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4 Simple Ways To Help Hummingbirds

2. Put in hummingbird feeders, making sure to put several around your property because hummingbirds are very territorial and do not like to share feeders. And, because they like red, consider getting a red bird feeder, or add a red ribbon or red piece of material and hang it on the outside of the feeder so they can see it. However, avoid commercially prepared hummingbird mixes that have red coloring added to them, since they use artificial dyes that are not good for the birds. Instead, make your own, and fill your feeders with one part sugar and four parts water.

3. Provide a water source, preferably one that has movement, because the hummingbirds are attracted to moving sources of water. A fountain with moving water or a waterfall-type feature works well.

4. Create a place for them to find shelter. Even though they donít rest long, they do need a place to rest as they make their migration south. So make sure thereís a safe and covered area for them.


Read more: Do Good, Green, Lawns & Gardens, Nature, Nature & Wildlife, Outdoor Activities, , , , , ,

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Judi Gerber

Judi Gerber is a University of California Master Gardener with a certificate in Horticultural Therapy. She writes about sustainable farming, local foods, and organic gardening for multiple magazines. Her book Farming in Torrance and the South Bay was released in September 2008.


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5:01PM PST on Feb 25, 2014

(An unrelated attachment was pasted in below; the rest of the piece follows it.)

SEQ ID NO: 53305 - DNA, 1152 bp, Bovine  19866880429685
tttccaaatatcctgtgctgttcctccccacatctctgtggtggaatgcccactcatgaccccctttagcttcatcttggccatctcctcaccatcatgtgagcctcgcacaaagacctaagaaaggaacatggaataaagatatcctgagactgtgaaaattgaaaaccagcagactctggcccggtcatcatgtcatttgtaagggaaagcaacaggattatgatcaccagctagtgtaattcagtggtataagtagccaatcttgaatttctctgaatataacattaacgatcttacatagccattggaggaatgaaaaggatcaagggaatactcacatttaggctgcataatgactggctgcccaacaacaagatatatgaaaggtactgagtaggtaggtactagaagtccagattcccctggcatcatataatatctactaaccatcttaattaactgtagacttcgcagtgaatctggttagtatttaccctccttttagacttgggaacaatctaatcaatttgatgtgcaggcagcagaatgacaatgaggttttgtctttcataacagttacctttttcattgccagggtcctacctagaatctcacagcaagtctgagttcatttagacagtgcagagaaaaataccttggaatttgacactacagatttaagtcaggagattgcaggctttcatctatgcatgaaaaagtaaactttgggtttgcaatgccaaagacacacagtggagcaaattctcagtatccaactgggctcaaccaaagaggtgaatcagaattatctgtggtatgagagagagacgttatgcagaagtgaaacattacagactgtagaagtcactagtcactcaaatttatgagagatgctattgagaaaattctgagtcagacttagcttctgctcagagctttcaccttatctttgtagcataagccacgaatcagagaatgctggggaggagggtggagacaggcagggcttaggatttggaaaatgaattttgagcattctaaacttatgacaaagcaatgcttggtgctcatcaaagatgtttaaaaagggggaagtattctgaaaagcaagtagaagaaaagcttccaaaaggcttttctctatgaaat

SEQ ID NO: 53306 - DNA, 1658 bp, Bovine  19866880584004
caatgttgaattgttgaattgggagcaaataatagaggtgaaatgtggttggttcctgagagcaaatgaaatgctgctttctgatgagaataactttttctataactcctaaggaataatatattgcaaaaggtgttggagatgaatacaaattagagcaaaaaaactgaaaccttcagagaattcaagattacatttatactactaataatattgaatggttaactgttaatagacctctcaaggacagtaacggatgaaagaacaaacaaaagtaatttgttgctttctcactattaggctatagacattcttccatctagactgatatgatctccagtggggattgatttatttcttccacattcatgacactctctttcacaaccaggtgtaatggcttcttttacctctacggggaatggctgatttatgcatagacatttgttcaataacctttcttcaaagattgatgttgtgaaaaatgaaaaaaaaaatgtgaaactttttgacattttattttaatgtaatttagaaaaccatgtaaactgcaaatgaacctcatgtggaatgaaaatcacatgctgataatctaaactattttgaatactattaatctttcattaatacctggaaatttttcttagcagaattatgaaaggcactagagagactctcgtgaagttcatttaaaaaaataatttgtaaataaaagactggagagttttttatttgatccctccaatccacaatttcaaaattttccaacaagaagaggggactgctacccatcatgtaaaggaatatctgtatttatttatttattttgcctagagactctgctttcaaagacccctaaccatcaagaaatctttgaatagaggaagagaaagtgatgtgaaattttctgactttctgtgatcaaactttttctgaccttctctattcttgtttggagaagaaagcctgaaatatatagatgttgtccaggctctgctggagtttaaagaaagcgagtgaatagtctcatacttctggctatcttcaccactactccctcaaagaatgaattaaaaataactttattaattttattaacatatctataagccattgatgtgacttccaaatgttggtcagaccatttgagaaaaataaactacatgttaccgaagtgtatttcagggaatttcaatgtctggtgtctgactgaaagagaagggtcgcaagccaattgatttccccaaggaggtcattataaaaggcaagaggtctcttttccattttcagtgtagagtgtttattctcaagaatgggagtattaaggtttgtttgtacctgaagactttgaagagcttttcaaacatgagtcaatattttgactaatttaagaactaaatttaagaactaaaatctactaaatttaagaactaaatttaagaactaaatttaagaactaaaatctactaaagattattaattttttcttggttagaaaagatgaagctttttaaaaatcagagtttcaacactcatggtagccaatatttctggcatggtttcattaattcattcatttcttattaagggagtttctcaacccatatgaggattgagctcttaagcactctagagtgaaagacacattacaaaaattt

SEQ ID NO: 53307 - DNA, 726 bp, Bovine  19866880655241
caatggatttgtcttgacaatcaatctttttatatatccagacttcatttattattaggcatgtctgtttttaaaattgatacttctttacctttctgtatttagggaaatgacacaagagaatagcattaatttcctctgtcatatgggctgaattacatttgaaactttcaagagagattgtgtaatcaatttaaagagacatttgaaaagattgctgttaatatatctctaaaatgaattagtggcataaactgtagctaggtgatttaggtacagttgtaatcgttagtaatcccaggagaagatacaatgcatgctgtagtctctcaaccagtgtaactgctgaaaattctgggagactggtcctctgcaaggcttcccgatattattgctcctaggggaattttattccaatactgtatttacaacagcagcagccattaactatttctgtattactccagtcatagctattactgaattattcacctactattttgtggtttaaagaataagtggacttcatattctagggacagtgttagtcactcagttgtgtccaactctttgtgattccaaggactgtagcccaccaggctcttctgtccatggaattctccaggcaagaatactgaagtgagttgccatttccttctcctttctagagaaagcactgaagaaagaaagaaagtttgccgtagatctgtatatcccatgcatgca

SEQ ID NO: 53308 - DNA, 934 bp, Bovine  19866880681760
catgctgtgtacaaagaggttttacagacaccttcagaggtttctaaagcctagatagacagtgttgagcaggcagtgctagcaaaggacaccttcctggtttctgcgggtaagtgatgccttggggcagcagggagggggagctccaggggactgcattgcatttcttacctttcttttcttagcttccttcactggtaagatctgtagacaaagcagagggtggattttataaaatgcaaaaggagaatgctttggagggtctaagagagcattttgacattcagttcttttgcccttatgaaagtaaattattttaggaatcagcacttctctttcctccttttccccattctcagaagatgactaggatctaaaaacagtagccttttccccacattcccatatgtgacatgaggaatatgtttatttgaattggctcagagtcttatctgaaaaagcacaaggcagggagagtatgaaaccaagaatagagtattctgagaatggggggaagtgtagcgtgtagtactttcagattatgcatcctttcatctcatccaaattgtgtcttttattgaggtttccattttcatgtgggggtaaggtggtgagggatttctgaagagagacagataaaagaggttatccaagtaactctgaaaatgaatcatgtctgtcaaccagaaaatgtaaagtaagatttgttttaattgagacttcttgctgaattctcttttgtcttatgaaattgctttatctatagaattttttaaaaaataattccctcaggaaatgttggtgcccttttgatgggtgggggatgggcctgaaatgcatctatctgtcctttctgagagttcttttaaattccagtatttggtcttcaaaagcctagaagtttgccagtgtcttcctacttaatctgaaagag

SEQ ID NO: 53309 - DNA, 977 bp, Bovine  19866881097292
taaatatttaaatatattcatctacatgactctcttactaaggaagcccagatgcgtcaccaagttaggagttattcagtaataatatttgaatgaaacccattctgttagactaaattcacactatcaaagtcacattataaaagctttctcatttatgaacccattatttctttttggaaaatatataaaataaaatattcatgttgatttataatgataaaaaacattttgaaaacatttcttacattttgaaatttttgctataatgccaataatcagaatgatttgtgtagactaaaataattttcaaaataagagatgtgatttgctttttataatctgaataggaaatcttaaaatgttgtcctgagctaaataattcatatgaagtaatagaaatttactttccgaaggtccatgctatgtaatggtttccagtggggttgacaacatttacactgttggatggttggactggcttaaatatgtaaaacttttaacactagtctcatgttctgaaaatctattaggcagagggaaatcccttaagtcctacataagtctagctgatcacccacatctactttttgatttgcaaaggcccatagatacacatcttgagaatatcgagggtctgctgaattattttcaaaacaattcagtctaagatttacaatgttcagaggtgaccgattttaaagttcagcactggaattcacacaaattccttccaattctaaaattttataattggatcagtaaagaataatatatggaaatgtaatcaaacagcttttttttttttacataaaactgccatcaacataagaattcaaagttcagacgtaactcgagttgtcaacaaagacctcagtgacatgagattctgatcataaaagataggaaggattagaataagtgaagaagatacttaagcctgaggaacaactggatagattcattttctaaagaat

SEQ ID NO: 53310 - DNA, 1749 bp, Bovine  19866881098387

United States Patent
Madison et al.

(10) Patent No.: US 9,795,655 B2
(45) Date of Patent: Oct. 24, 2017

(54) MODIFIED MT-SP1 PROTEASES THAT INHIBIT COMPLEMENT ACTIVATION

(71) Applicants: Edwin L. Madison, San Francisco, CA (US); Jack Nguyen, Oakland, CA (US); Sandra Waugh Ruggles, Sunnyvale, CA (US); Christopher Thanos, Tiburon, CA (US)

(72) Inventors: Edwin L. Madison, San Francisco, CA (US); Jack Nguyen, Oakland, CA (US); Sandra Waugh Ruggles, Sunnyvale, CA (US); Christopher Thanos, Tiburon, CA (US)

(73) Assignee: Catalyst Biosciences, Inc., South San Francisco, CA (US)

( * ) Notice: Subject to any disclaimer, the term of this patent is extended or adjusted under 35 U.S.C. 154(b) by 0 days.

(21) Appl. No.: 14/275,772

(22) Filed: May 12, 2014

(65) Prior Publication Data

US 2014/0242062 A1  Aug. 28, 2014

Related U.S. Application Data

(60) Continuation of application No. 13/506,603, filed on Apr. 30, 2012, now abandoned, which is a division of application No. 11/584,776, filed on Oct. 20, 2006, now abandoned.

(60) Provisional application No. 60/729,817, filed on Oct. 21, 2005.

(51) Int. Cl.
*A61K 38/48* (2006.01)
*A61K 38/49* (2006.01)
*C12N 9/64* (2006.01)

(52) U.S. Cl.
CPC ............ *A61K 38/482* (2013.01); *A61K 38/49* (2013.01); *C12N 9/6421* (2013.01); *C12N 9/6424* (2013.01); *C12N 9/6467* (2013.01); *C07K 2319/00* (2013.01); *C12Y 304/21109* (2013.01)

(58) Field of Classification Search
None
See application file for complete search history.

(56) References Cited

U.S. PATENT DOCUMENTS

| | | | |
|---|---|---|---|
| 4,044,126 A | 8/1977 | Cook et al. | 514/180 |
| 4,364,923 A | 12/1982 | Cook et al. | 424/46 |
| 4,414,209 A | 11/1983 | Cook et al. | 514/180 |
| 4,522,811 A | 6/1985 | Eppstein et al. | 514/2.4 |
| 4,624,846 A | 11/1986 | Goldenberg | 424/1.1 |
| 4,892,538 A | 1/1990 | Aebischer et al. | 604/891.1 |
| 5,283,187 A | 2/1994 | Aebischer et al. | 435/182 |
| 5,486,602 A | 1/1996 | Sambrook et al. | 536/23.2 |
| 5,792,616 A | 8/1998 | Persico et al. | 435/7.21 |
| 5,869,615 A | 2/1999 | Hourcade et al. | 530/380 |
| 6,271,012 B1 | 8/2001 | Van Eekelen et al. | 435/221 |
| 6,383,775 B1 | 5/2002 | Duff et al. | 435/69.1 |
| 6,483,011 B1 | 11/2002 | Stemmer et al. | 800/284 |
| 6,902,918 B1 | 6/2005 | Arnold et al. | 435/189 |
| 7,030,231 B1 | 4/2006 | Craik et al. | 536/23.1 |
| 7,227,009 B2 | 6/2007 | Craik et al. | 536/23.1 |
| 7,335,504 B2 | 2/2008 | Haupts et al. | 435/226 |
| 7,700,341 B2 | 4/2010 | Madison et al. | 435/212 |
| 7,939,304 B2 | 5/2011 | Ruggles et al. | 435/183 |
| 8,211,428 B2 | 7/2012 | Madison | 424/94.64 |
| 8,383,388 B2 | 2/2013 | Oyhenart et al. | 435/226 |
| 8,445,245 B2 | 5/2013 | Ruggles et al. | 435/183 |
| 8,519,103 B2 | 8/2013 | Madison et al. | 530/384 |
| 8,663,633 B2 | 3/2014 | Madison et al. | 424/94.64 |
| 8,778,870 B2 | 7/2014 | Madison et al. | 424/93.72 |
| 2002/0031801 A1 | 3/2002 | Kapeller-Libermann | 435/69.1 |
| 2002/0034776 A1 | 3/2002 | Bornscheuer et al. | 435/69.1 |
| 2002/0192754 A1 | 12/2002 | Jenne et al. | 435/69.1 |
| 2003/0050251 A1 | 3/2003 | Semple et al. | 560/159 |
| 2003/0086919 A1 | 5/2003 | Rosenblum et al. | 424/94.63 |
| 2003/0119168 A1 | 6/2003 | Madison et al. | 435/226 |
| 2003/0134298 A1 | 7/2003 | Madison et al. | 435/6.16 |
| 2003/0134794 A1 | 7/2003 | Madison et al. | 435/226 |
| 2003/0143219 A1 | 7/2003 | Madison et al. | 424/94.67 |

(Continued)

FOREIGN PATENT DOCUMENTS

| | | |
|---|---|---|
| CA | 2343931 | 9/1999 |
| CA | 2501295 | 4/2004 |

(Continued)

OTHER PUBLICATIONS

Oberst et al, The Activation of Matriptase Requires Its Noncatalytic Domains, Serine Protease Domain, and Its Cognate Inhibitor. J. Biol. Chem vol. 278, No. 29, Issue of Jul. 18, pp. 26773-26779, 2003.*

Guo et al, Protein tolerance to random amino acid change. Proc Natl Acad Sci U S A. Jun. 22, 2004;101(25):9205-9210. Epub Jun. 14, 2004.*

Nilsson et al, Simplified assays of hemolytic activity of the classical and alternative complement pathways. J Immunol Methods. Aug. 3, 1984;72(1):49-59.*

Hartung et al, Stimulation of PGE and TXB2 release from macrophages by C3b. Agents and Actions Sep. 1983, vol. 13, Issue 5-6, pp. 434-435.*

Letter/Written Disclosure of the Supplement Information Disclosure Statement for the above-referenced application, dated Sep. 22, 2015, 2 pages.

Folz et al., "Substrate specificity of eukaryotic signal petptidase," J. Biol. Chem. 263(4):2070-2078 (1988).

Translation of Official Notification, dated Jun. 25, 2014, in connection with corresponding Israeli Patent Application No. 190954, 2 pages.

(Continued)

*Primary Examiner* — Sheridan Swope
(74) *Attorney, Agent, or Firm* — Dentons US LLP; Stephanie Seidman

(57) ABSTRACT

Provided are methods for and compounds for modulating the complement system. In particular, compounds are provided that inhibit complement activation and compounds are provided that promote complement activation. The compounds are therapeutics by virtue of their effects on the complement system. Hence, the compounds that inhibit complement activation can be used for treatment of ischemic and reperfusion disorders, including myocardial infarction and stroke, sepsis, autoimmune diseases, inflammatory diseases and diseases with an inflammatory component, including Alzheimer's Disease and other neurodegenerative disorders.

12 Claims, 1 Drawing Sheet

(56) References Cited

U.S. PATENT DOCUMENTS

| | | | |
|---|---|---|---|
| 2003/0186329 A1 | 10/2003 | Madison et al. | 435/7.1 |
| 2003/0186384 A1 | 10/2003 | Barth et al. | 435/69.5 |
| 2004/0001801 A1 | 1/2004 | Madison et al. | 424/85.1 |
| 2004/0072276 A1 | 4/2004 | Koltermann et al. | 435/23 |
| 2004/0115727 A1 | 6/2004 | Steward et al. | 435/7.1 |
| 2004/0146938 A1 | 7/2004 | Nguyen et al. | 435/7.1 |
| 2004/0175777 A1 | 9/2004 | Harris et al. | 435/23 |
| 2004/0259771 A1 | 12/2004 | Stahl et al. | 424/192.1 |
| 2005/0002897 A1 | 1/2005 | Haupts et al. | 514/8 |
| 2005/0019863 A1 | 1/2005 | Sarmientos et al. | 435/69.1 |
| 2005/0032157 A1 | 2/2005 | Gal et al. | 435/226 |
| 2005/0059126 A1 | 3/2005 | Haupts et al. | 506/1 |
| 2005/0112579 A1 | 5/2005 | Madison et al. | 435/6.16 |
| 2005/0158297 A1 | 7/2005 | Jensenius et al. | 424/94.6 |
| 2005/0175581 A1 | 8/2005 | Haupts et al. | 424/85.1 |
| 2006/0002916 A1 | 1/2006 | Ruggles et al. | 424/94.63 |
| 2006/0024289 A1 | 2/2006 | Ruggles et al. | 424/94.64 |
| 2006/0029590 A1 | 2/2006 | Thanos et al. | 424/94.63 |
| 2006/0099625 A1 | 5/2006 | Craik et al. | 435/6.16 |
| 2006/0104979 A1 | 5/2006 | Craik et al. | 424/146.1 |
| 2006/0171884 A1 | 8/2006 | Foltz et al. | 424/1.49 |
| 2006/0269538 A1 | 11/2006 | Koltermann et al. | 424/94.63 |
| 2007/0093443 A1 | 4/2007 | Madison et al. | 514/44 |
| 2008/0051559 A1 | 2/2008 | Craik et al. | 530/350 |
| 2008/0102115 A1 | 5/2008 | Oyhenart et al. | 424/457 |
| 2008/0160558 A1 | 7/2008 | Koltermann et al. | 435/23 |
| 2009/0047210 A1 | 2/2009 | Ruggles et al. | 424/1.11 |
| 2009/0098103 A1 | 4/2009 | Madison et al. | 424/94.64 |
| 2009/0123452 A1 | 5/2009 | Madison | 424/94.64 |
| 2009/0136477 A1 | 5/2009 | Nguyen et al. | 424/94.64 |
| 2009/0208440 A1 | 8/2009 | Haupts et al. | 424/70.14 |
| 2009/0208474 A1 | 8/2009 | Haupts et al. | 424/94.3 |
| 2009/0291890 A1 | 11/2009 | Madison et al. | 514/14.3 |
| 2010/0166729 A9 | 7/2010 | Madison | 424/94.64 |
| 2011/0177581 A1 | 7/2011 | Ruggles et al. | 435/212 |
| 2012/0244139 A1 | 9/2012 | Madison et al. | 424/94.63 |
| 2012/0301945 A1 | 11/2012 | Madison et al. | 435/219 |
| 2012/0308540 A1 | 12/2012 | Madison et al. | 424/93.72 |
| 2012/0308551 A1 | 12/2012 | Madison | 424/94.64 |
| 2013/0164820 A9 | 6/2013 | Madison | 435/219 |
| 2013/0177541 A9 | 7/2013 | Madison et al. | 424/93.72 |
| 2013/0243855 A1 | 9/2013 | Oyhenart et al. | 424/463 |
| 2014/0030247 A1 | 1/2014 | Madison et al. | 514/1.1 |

5:06AM PST on Dec 14, 2013

I live in the other side of the Gulf, in Yucatan, and my yards are often visited by hummingbirds. They love my poincianas trees flower ( but also love the orange tree flowers.

4:01PM PDT on Oct 8, 2013


7:02AM PDT on Sep 24, 2013


Thank you for Sharing this.... !

10:40AM PDT on Jul 15, 2013

Have flowers they like in my garden, & a feeder.

10:35AM PDT on Jul 15, 2013

thank you for posting this!!

1:07PM PDT on Apr 16, 2013

Great tips Thanks for sharing

9:20AM PST on Feb 11, 2013

Thanks, so shared!

1:00PM PST on Jan 11, 2013

Thank you Judi, for Sharing this!

12:46PM PDT on Sep 22, 2012

When I first moved to my little motel in the NY Catskills I had only gotten fleeting glimpses of hummers in among the blooming beach plums on Long Island. Here, however, I found myself abruptly in prime Rubythroat territory. I started with a couple feeders, trying different types until I found what my visitors preferred and was safe (bear country). By the time I had been here 5 years I was up to thirty feeders ranging from 20 tiny tube feeders to a few larger ones with two to four ports, up to a couple with perches for up to 6 to feed at a time. It is time (and sugar!) consuming keeping up with their demands, but the sheer glory of their flitting colors, the amusement at their antics, and the pleasure my guests get - it is so worth it! They rest at night in any of the shrubs or the apple trees, they have access to a bird bath with a small burbling fountain. In my organic raised beds I have a wide variety of nectar flowers for their enjoyment. These also attract butterflies and bees - honey and native. Love it ;-) I highly recommend giving it a try if you can!

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